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Phi Theta Kappa Wins Awards, Welcomes New Members

March, 2017

Members of the Alpha Zeta Theta Chapter recently attended the New England Regional PTK Conference in Concord, New Hampshire. Quinsigamond Community College PTK President Kimberly May, Vice President of Leadership Ethan O’Connell and lead faculty advisor Bonnie Coleman attended the event. The chapter received many outstanding awards, which included:

  • Honors in Action Most Distinguished Chapter
  • Most Distinguished Chapter in New England Region (56 chapters)
  • College Project Award – Most Distinguished
  • Honors in Action Distinguished Theme Award – Theme 7 Innovation and Replication

“This was a team effort and without the support of our QCC Family this would not have happened,” said Ms. Coleman.

The College Project recognized was the Live & Learn Greenhouse Project on the QCC campus. Ms. Coleman said construction will be underway this spring, and they hope to have the greenhouse up and running in May, depending on the weather.

A $16,500 grant will partially fund the greenhouse, where students will grow vegetables and plants. Ms. Coleman said they plan to start with herbs, cucumbers and tomatoes and then add new items each season. There also will be a “Plant A Seed’ project with the Early Childhood Education program, where children can come in to plant a seed and watch it grow.

PTK is accepting donations of pots, potting soil, seeds, shelving, lighting or cash donations. The students will be working with a botanist, who is a part-time faculty member, to learn more about the process.

The mission of the Live & Learn Greenhouse Project is to renew connections between people and the natural environment, create a resource of healthy, nutrient-rich food for the Quinsigamond Community College community, and provide an educational resource for students, faculty, staff, and children.

Different students and programs will be able to use the greenhouse and learn more about various growing methods, such as hydroponics, to raise awareness about the natural environment. Plans are to start construction soon and then in spring 2017 bring on faculty that want to be involved.

The idea came about because of food insecurity on campus. According to Higher Education Today, many college students struggle with food insecurity. This can be especially true at community colleges, where many students are non-traditional age. Feeding America, a national nonprofit network of food banks that provides food assistance to 46.5 million individuals and 15.5 million households, estimates that nearly half (49.3 percent) of its clients in college must choose between educational expenses (i.e., tuition, books and supplies, rent) and food annually, and that 21 percent did so for a full 12 months.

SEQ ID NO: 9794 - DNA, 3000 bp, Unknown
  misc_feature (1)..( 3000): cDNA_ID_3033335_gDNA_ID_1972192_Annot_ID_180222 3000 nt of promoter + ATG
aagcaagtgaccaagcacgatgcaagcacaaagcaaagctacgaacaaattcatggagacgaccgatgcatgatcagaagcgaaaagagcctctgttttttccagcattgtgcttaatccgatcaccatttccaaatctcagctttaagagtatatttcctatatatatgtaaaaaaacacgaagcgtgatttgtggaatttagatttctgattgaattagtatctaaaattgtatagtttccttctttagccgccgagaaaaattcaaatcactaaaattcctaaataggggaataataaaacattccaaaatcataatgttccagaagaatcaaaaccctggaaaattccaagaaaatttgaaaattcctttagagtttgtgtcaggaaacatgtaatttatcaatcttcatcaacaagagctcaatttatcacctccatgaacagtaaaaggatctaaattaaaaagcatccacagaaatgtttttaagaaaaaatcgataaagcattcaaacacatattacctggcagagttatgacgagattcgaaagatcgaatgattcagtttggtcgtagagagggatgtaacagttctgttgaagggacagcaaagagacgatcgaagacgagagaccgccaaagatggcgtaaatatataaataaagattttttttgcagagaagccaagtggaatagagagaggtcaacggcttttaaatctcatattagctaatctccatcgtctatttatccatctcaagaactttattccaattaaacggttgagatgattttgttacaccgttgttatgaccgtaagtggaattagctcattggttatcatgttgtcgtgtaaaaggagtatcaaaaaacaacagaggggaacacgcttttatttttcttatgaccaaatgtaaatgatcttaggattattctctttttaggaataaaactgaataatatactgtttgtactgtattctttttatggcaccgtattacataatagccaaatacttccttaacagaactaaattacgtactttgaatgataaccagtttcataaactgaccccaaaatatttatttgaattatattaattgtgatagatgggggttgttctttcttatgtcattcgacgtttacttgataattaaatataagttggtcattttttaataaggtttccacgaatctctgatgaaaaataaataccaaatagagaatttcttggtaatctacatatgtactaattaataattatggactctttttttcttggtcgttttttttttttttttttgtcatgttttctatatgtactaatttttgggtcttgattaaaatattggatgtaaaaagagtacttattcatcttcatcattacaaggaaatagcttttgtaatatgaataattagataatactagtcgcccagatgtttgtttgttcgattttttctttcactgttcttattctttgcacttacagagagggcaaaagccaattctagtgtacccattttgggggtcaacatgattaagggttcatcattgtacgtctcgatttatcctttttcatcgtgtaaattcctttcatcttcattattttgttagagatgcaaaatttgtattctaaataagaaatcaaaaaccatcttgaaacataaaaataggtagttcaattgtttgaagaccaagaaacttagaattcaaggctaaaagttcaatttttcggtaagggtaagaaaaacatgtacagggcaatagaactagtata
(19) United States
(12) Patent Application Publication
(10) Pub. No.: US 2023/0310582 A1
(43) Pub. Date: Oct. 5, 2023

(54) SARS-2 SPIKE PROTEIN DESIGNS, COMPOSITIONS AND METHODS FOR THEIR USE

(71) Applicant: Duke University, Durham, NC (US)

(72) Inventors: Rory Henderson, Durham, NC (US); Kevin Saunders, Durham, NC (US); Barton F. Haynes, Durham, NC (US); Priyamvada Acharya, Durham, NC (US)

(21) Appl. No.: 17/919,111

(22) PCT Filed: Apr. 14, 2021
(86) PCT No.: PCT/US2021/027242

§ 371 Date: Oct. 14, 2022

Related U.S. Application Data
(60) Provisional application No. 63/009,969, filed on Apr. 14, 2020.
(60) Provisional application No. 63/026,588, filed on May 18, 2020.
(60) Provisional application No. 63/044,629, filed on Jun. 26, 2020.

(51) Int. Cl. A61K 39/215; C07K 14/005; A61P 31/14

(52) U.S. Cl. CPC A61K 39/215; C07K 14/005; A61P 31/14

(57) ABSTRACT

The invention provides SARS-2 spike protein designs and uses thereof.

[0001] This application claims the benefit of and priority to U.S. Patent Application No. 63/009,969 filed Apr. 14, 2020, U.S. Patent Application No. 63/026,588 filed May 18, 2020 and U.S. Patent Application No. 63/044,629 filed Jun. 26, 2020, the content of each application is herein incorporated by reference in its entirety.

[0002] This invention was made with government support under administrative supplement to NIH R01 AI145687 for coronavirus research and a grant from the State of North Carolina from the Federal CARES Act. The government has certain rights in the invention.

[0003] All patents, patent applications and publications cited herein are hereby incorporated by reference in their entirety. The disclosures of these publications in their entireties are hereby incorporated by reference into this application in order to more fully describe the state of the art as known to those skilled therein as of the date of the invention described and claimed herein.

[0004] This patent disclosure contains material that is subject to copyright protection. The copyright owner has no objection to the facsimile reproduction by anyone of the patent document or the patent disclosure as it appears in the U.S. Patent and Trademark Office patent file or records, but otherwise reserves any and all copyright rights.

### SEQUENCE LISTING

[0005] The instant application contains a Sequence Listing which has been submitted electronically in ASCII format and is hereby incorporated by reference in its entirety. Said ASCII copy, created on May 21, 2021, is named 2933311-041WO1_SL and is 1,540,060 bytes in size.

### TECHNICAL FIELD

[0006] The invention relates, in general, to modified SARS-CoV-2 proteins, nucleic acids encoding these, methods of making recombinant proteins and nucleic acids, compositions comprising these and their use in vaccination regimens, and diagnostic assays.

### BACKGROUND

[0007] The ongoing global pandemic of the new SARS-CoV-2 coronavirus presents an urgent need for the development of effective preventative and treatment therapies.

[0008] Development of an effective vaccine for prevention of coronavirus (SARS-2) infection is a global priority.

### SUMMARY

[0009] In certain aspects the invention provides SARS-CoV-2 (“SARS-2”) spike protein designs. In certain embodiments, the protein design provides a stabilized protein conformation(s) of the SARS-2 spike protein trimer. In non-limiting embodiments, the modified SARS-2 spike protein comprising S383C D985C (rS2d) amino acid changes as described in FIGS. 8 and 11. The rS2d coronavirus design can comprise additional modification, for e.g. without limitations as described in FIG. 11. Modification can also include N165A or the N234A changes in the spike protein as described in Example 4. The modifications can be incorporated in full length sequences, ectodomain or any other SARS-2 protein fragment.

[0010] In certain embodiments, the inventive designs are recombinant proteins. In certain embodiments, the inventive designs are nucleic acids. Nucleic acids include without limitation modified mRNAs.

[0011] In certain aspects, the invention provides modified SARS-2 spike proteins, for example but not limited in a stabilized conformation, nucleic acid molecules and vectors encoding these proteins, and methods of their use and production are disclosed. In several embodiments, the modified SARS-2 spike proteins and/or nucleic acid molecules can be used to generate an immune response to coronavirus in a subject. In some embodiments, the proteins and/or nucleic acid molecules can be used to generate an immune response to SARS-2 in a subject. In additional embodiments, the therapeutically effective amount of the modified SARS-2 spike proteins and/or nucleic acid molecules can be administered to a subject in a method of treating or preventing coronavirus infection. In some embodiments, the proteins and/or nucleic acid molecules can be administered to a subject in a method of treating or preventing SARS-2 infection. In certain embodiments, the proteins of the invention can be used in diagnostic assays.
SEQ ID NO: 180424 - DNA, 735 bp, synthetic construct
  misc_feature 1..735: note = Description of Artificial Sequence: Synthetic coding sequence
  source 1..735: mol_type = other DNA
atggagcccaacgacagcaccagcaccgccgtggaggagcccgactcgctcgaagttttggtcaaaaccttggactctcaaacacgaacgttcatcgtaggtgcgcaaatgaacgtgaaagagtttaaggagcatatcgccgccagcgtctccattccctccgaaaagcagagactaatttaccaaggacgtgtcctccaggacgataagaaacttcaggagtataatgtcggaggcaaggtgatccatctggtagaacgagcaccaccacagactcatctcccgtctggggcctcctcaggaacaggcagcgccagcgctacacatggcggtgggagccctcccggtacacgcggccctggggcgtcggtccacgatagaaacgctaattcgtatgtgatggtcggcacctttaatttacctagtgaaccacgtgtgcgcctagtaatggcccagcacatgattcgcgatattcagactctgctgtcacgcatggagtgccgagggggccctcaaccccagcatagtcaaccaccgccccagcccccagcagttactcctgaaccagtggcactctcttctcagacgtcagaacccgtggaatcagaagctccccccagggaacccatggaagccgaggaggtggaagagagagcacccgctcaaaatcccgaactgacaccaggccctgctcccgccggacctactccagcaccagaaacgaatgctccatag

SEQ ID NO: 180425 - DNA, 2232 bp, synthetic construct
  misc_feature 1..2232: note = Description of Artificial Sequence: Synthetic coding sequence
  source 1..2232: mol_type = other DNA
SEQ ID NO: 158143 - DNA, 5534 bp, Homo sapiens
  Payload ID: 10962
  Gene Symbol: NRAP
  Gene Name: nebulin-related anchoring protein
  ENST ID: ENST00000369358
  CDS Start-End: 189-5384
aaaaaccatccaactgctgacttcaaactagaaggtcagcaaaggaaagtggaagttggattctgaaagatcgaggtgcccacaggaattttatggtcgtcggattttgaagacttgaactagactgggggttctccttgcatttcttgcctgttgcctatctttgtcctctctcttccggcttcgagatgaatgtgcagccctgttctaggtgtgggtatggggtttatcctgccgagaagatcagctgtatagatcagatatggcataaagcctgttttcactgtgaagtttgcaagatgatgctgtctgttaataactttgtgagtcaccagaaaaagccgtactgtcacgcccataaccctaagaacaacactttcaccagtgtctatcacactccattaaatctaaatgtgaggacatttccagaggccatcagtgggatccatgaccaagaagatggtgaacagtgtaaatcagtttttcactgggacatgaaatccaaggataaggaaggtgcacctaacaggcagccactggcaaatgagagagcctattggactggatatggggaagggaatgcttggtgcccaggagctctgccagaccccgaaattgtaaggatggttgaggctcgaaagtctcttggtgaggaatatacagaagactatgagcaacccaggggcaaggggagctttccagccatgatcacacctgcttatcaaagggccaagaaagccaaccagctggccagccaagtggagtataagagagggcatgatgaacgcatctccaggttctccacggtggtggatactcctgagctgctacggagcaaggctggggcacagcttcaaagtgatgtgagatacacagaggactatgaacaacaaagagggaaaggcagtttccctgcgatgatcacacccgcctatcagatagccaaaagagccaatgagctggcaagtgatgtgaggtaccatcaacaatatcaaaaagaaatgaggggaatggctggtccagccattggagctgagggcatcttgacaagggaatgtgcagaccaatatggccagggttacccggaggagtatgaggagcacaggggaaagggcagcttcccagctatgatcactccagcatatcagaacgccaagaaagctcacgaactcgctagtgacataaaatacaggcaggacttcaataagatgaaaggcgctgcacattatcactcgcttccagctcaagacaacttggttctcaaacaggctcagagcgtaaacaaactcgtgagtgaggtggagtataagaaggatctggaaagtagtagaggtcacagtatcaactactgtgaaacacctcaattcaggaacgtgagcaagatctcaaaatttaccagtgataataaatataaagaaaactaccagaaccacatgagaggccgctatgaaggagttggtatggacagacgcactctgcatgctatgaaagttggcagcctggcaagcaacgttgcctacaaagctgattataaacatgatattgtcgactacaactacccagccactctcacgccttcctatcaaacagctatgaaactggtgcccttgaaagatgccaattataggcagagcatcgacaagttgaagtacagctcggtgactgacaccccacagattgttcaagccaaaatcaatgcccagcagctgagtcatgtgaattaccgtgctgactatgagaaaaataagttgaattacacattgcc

Ms. Coleman said they plan for it to be a four-season greenhouse. They also plan to grow poinsettias in the future, to be sold to raise money for the project.

PTK also is in the second year of an ongoing campaign to support children’s literacy through the Worcester mobile library, bookmobile “Lilly.” With the support of the QCC Foundation, the chapter pledged to raise $100,000 to fund the continued operation of the Worcester Public Library bookmobile, which visits schools and community events.

The chapter recently donated $20,000 as part of the campaign. QCC partnered with Worcester State and the United Way of Massachusetts last spring for the makeover effort.

The purpose of Phi Theta Kappa is to recognize and encourage scholarship among two-year college students. To achieve this purpose, Phi Theta Kappa provides opportunity for the development of leadership and service, for an intellectual climate for exchange of ideas and ideals, for lively fellowship for scholars, and for stimulation of interest in continuing academic excellence.

Membership is by invitation only, to be invited the student must have a cumulative grade point average of 3.5 with 16 college credits earned at Quinsigamond Community College. Invitations are sent out in the fall and spring semesters.

QCC’s chapter has 488 active members. On April 5, PTK will host the induction of new members, welcome 188 new members, the largest induction in the history of the chapter.

Ms. Coleman will be attending the national PTK conference in Nashville, Tenn., along with outgoing PTK President Kimberly May, Vice President of Leadership Ethan O’Connell, and chapter officers Stephanie Collins and Tony Sanders. The conference will be April 6-9.